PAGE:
• As indicated, all light sources could be one color. Alternatively, different boards could have different colors. The same board could have different colors.
  • Additionally, optics or optical devices or surfaces could be utilized with the light sources for different lighting effects. For example, lenses, diffusers, or pattern plates can be placed in front of one or more LEDs to alter their output. Additionally, reflectors, light absorbing surfaces, visors, or shields could be utilized with one or more light sources.
  • Triggers. A number of triggers or inputs have been described that can be utilized with these embodiments. Others are possible. A variety of different types of sensors have been mentions in the preceding description. The designer can select those, or others, based on desire or need.

Claims (32)

What is claimed is:
1. An appliance comprising:
a. a housing;
b. an illumination source on or in the housing;
c. a triggering component;
d. a programmable controller operatively connected to the triggering component and illumination source to instigate a dynamic passive illumination control loop in response to trigger.
2. The appliance of claim 1 wherein the housing comprises a refrigerated cabinet.
3. The appliance of claim 1 wherein the illumination source comprises one or more LEDs.
4. The appliance of claim 1 wherein the triggering component comprises:
a. a light sensor;
b. a proximity sensor;
c. a switch sensor;
d. a sound sensor
e. an appliance state sensor; or
f. a timer.
5. The appliance of claim 1 wherein the trigger comprises:
a. ambient light level;
b. proximity of a user;
c. an open door;
d. sound level
e. temperature, or
f. expiration of a period of time.
6. The appliance of claim 1 wherein the dynamic passive illumination control comprises one or more of:
a. automatic activation or deactivation of one or more elements of the illumination source;
b. increase or decrease in intensity of the illumination source;
c. flashing of the illumination source;
d. changing color of illumination.
7. The appliance of claim 1 wherein the programmable controller is programmed to execute a plurality of illumination controls.
8. The appliance of claim 7 wherein the plurality of illumination controls comprises a closed control loop.
9. The appliance of claim 1 wherein the illuminate source is associated with:
a. an exterior badge;
b. a ground light;
c. an ice/water dispenser well light;
d. a door handle;
e. a water filter status indicator;
f. an interior shelf light.
10. The appliance of claim 1 wherein the illumination control comprises a plurality of sequenced illumination effects and audio output.
11. The appliance of claim 4 wherein the proximity sensor is a graduated distance proximity sensor that can sense proximity regarding a plurality of zones of different distances from the sensor.
12. The appliance of claim 11 wherein the variable distance proximity sensor is adjustable regarding sensing distances.
13. The appliance of claim 11 wherein the variable distance proximity sensor instigates different lighting effects based on different sensed distances.
14. The appliance of claim 11 further comprising a timer to time triggering of the variable distance proximity sensor at each sensing distance and using triggered time to alter lighting event or sequence of events.
15. The appliance of claim 14 wherein the altering of the lighting event or sequence of events comprises discontinuing, bypassing or ignoring a lighting event.
16. The appliance of claim 1 in combination of one or more additional set appliances networked together in a communication network.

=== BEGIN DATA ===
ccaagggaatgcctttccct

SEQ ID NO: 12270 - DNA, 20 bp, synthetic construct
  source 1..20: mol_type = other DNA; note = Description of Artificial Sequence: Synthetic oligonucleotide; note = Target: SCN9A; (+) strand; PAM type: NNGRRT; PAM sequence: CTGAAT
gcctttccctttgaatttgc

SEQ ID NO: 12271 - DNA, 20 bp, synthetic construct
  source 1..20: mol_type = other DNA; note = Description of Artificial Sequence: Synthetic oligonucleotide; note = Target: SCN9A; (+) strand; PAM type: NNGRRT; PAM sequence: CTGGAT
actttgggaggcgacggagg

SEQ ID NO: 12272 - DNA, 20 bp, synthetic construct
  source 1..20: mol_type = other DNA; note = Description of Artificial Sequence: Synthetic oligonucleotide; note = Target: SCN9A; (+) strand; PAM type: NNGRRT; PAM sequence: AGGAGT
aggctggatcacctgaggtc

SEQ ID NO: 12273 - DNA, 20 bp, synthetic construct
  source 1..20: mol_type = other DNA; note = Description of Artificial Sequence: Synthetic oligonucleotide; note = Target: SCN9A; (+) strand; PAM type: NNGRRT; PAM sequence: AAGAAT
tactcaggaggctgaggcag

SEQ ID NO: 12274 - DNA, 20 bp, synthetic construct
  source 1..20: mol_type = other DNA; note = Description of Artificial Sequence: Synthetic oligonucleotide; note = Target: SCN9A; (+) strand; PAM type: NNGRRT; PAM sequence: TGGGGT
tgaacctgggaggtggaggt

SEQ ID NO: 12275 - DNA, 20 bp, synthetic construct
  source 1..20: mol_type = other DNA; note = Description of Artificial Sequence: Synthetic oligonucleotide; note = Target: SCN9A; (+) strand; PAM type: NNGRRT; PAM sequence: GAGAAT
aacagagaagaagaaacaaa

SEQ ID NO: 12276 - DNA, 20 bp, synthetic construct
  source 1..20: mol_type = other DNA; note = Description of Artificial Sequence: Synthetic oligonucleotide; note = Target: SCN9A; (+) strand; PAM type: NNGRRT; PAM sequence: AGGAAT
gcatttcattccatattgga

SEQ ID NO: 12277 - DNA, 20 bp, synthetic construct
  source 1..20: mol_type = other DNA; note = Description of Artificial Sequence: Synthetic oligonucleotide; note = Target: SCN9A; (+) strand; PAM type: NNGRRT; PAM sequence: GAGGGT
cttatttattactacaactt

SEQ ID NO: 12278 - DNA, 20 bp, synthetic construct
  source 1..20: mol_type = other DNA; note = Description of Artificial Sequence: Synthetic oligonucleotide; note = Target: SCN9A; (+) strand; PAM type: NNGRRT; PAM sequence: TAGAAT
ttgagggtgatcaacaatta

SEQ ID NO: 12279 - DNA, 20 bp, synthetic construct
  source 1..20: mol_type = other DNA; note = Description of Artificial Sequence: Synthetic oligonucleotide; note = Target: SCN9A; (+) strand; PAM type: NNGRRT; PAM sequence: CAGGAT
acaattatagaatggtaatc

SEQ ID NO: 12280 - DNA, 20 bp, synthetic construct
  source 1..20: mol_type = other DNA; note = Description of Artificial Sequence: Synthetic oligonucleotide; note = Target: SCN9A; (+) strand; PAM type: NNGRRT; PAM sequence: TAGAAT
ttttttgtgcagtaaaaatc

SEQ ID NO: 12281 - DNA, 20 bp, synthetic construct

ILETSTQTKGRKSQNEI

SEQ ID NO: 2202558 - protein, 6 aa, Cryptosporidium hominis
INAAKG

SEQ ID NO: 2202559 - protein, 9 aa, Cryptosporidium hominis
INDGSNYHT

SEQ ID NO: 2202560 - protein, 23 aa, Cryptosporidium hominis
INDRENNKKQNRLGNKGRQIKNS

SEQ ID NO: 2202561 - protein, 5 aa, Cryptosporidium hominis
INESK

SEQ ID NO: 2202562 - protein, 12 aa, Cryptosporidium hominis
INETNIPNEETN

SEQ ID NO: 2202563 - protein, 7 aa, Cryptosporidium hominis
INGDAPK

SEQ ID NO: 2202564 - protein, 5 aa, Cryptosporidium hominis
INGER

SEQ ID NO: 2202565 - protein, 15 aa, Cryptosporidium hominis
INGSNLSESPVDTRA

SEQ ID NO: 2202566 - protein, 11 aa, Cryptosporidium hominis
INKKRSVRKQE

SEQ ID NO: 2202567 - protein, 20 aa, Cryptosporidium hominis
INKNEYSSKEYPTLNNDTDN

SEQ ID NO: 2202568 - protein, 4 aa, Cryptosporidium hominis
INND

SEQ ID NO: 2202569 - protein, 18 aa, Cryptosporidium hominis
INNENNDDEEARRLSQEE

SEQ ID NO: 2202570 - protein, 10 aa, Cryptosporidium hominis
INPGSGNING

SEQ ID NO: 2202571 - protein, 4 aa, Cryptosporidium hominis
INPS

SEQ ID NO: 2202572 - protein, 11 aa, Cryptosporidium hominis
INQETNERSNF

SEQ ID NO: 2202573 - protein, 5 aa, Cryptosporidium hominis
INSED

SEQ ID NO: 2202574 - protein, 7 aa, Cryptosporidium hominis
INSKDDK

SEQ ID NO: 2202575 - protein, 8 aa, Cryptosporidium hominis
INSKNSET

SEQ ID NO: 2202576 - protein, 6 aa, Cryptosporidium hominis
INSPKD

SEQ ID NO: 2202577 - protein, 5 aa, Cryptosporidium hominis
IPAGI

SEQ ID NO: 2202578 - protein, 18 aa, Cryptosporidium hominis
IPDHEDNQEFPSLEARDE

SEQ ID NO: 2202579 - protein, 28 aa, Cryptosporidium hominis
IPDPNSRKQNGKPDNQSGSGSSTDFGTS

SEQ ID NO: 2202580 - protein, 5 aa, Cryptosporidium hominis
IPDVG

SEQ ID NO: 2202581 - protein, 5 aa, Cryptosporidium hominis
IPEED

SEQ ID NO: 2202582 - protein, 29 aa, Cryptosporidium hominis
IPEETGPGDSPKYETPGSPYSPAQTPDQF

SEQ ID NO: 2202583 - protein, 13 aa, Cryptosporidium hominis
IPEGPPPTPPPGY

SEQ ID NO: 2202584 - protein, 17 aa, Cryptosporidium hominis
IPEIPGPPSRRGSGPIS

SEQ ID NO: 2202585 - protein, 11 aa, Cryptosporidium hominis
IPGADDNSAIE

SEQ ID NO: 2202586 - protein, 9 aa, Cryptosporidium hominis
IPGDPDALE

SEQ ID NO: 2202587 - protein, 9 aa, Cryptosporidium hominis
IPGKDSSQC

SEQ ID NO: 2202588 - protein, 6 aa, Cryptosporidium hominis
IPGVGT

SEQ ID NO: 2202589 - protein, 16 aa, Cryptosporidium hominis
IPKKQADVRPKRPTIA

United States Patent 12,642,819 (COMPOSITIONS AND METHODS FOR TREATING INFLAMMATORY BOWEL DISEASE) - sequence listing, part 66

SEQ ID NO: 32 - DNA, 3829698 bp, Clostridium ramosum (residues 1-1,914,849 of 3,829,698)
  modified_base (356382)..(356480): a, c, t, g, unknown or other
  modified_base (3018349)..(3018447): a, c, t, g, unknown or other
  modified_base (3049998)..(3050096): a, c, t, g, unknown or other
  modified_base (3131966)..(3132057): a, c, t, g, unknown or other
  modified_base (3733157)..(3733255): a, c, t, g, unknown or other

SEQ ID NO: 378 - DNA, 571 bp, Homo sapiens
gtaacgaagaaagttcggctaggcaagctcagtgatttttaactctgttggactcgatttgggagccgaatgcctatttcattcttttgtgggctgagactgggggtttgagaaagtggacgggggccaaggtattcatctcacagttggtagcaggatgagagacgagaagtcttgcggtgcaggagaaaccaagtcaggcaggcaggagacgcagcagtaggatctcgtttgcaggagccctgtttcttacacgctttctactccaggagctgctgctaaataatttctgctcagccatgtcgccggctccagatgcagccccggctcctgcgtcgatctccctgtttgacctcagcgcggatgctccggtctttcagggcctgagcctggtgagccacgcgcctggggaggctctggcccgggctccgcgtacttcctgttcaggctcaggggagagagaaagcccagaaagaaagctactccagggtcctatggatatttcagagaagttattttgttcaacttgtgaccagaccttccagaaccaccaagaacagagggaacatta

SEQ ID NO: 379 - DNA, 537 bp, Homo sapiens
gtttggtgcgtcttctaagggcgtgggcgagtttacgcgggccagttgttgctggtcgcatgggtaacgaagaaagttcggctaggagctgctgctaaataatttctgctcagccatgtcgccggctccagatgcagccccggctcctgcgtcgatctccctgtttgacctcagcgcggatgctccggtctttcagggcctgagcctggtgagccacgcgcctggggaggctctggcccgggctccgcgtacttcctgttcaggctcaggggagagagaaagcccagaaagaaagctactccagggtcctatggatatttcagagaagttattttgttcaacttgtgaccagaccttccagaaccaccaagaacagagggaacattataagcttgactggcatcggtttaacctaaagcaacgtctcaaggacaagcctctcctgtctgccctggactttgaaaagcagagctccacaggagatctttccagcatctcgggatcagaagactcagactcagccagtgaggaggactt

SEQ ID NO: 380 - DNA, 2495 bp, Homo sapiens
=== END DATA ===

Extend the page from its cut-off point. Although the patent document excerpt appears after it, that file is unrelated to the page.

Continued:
17. The combination of claim 16 wherein a triggering event at one appliance instigates a dynamic passive illumination control loop and response to the trigger at that appliance or one or more of the other appliances in the communication network.
18. The combination of claim 17 wherein data regarding triggering events or states of the appliances are monitored and used for a learned sequence of lighting effects at one or more of the network of appliances.
19. A refrigeration appliance comprising:
a. a cabinet having an exterior and an interior space;
b. at least one light source associated with the cabinet;
c. a sensor;
d. a circuit connected to the sensor and the light source and adapted to control the light source according to a lighting regimen triggered by the sensor.
20. The refrigeration appliance of claim 19 wherein the light source is adapted to illuminate a certain location relative the exterior or interior space of the cabinet.
21. The refrigeration appliance of claim 20 wherein the certain location is selected from the set comprising:
a. exterior badge lighting;
b. exterior door handle lighting;
c. exterior ice/water dispenser lighting
d. exterior floor grill lighting;
e. interior shelf lighting;
f. interior lighting.
22. The refrigeration appliance of claim 19 wherein the lighting regimen is at least one of:
a. dimming or gradual dimming;
b. brightening or gradual brightening;
c. flashing or glowing;
d. on or off;
e. color changes;
f. sequential brightening or flashing of one or more certain locations.
23. The refrigeration appliance of claim 19 wherein the lighting regimen is correlated to communication of state of an appliance.
24. The refrigeration appliance of claim 23 wherein the state of the appliance comprises at least one of:
a. door open too long;
b. temperature too high or too low;
c. door is ajar;
d. filter change is needed;
e. connectivity lost;
f. grid status.
25. The refrigeration appliance of claim 1 wherein the lighting comprises edge lighting of light transmitting shelves.
26. A method of illumination related to an appliance comprising:
a. automatically instigating a first lighting event in or on the appliance;
b. dynamically adjusting the lighting event.
27. The method of claim 26 wherein the first lighting event comprises activated one or more light sources.
28. The method of claim 27 wherein the dynamically adjusting comprises altering the driving of the one or more light sources.
29. The method of claim 27 further comprising activating an audio output before, during, or after the first lighting event.
30. The method of claim 26 further comprising instigating a first lighting event by graduated distance proximity sensing wherein the first lighting event is triggered by a first sensed distance and a second lighting event is triggered by sensing of a second distance.
31. The method of claim 30 further comprising monitoring for a condition indicative of other than a conventional human user of the appliance after triggering by the graduated distance proximity sensor and, if so, altering the lighting event or sequence of lighting events.
32. The method of claim 26 further comprising networking a plurality of said appliances and upon a triggering event at one appliance instructing a lighting event at a second appliance.